• $\begingroup$ @CraigGidney, what do you mean by the statement "Quantum Mechanics is reversible", does it mean the if the time is reversed in principal everything can go back in time? If that is the case, classical mechanics is also reversible I guess, which may imply that classical computations should also be reversible. what are your thoughts on this? $\endgroup$ Mar 17, 2021 at 5:39
  • $\begingroup$ @dhirajsuvarna Yes, that's what I mean. Classical mechanics is also reversible; in fact both classical and quantum mechanics satisfy Liouville's theorem which is even stronger than just reversibility. That being said, there are some corner cases where it can get ambiguous due to singularities in the math. It's not really my expertise. $\endgroup$ Mar 17, 2021 at 6:24
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There is conclusion in the Phd dissertation below:

"At the beginning of my research on designing reversible logic circuit, one of the first questions I asked myself was why we need reversible logic circuits? After completing initial research on the subject matter, I was convinced that the logical irreversibility of classical logic gates inadvertently causes the heat dissipation when new values are computed and old information is lost.

[...]

Concluding, there should be methods to synthesize Boolean circuits using only reversible gates."

Shah, Dipal, "Design of Regular Reversible Quantum Circuits" (2010). Dissertations and Theses. https://doi.org/10.15760/etd.129

Landauer [Landauer61] proved that binary logic circuits built using traditional irreversible gates inevitably lead to energy dissipation, regardless of the technology used to realize the gates.

Zhirnov et al. [Zhirnov03] showed that power dissipation in any future CMOS will lead to an impossible heat removal problem and thus the speeding-up of CMOS devices will be impossible at some point which will be reached before 2020.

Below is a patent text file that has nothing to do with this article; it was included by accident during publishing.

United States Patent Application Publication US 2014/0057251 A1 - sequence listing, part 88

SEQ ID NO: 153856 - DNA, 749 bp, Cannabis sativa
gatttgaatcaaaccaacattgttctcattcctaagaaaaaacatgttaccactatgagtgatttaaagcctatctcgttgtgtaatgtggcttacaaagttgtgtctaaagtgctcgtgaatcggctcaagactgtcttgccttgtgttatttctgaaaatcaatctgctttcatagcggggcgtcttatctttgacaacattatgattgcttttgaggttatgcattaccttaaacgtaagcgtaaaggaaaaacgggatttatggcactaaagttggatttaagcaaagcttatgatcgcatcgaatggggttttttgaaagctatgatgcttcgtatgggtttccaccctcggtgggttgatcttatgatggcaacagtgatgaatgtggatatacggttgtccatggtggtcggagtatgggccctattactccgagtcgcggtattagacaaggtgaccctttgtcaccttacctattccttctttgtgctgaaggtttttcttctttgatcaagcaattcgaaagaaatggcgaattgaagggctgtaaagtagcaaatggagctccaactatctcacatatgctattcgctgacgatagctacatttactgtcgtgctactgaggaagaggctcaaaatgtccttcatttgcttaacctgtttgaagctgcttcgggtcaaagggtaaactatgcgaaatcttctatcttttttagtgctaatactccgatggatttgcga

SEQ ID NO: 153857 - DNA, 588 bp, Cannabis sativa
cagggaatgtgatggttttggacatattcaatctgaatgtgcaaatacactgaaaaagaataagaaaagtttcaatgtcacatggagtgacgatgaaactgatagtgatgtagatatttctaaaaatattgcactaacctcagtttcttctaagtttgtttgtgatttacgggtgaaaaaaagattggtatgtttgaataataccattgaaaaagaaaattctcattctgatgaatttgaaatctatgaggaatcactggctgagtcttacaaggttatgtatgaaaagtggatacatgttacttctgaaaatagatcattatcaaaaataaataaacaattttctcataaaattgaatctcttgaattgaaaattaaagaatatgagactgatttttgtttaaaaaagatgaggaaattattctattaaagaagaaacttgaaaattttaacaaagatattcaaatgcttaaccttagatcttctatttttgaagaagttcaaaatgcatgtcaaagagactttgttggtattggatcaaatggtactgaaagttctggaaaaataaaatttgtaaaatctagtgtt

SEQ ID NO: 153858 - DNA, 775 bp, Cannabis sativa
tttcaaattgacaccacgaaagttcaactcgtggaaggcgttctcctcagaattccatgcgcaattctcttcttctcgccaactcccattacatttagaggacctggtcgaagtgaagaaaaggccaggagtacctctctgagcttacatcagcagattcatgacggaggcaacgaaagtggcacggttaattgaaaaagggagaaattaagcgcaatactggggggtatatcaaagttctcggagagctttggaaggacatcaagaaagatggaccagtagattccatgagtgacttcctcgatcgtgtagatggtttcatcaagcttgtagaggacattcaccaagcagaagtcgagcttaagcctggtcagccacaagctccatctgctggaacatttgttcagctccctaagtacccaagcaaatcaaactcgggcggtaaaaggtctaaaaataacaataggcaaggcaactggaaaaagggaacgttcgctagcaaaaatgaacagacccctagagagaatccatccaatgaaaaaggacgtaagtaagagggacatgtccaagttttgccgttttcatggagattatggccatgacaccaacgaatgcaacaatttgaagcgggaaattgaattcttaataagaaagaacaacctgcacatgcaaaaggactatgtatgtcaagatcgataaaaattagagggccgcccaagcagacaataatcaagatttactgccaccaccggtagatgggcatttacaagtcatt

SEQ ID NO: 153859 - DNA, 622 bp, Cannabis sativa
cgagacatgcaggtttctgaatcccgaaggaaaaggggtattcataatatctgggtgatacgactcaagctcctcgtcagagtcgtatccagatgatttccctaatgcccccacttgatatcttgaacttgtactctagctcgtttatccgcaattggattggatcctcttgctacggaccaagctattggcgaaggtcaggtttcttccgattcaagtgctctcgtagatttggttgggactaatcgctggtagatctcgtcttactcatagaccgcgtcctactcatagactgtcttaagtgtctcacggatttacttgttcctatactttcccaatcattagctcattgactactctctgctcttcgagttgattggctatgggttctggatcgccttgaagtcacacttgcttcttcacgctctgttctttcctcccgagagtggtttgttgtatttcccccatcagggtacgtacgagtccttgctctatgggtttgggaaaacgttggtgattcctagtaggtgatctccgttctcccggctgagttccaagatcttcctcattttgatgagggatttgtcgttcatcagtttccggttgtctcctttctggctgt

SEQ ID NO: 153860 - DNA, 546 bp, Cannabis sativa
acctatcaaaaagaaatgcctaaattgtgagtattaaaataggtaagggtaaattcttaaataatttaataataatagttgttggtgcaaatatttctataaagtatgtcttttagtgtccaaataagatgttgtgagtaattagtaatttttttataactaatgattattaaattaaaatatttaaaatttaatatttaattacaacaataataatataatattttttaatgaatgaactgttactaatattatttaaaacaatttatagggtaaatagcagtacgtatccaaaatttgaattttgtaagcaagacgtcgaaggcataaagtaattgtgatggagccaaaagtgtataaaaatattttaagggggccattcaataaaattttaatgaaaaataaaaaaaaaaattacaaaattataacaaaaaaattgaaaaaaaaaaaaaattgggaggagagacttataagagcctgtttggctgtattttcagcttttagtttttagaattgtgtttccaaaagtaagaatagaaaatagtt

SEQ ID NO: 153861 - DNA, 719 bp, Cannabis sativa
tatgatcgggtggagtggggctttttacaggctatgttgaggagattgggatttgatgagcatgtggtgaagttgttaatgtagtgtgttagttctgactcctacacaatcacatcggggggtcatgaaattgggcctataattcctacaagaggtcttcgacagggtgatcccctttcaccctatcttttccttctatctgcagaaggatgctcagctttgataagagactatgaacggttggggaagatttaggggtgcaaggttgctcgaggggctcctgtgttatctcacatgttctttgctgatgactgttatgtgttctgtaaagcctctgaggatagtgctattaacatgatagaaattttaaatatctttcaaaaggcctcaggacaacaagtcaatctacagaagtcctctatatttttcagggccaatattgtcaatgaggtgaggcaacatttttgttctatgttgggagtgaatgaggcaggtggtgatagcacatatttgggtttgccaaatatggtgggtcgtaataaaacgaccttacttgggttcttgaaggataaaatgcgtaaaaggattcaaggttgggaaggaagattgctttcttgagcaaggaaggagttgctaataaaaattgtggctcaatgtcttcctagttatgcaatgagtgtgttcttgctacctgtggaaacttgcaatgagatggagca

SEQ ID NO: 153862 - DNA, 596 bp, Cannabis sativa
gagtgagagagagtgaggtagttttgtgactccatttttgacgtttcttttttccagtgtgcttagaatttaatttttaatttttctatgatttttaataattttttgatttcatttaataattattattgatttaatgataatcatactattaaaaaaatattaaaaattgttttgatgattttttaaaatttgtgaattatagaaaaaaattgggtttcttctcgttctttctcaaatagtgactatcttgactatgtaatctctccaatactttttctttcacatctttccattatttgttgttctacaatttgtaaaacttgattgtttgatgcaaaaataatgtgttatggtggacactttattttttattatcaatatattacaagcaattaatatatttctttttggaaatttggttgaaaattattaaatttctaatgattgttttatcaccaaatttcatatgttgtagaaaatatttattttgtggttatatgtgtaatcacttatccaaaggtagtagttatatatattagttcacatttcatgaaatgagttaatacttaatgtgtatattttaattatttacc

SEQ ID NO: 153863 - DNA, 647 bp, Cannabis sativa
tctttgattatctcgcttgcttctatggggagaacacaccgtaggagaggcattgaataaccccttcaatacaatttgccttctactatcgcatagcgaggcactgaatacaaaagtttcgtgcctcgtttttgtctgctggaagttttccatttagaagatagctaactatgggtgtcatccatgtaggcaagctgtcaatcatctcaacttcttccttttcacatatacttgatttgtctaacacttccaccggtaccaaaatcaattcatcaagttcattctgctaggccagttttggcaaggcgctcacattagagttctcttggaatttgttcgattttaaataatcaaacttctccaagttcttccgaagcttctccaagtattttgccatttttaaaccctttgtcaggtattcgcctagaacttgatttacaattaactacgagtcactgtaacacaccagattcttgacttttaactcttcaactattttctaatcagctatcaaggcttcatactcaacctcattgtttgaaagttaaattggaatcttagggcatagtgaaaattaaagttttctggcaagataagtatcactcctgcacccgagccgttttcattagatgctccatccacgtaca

Bennett [Bennett73] proved that for power not to be dissipated in a binary logic circuit, it is necessary that the circuit be built from the reversible gates. A gate (or circuit) is reversible if it is a one-to-one mapping between sets of input and output values. Thus all output vectors are just permutations of input vectors. (Such a circuit can be described by a binary permutation matrix [Nielsen00]).

Bennett's theorem suggests that every future (binary) technology will have to use some kind of reversible gates in order to reduce power dissipation. This is also true for multiple-valued reversible logics, which is an additional advantage because the multi-valuedness by itself demonstrates several potential advantages over binary logic.

These potentials of MV logic so far have not been taken advantage of since they bring no technological improvements when applied to existing technologies such as CMOS.

All these fundamental results of Landauer, Bennett and Zhirnov are technology-independent but practically applicable to future nano-technologies, especially to quantum technology as being the most advanced of all the nano-technologies. They are also applicable in quantum dots and DNA circuit realization technologies."

References:

[Landauer61] R. Landauer, ―Irreversibility and Heat Generation in the Computational Process‖, IBM Journal of Research and Development, 5, 1961, pp. 183-191.

[Zhirnov03] V. V. Zhirnov, R. K. Kavin, J. A. Hutchby, and G. I. Bourianoff, ―Limits to Binary Logic Switch Scaling – A Gedanken Model‖, Proc. of the IEEE, 91, no. 11, 2003, pp. 1934-1939.

[Bennett73] C. H. Bennett, ―Logical Reversibility of Computation‖, IBM Journal of Research and Development, 17, 1973, pp. 525-532.

[Nielsen00] M. Nielsen and I. Chuang, Quantum Computation and Quantum Information, Cambridge University Press, 2000.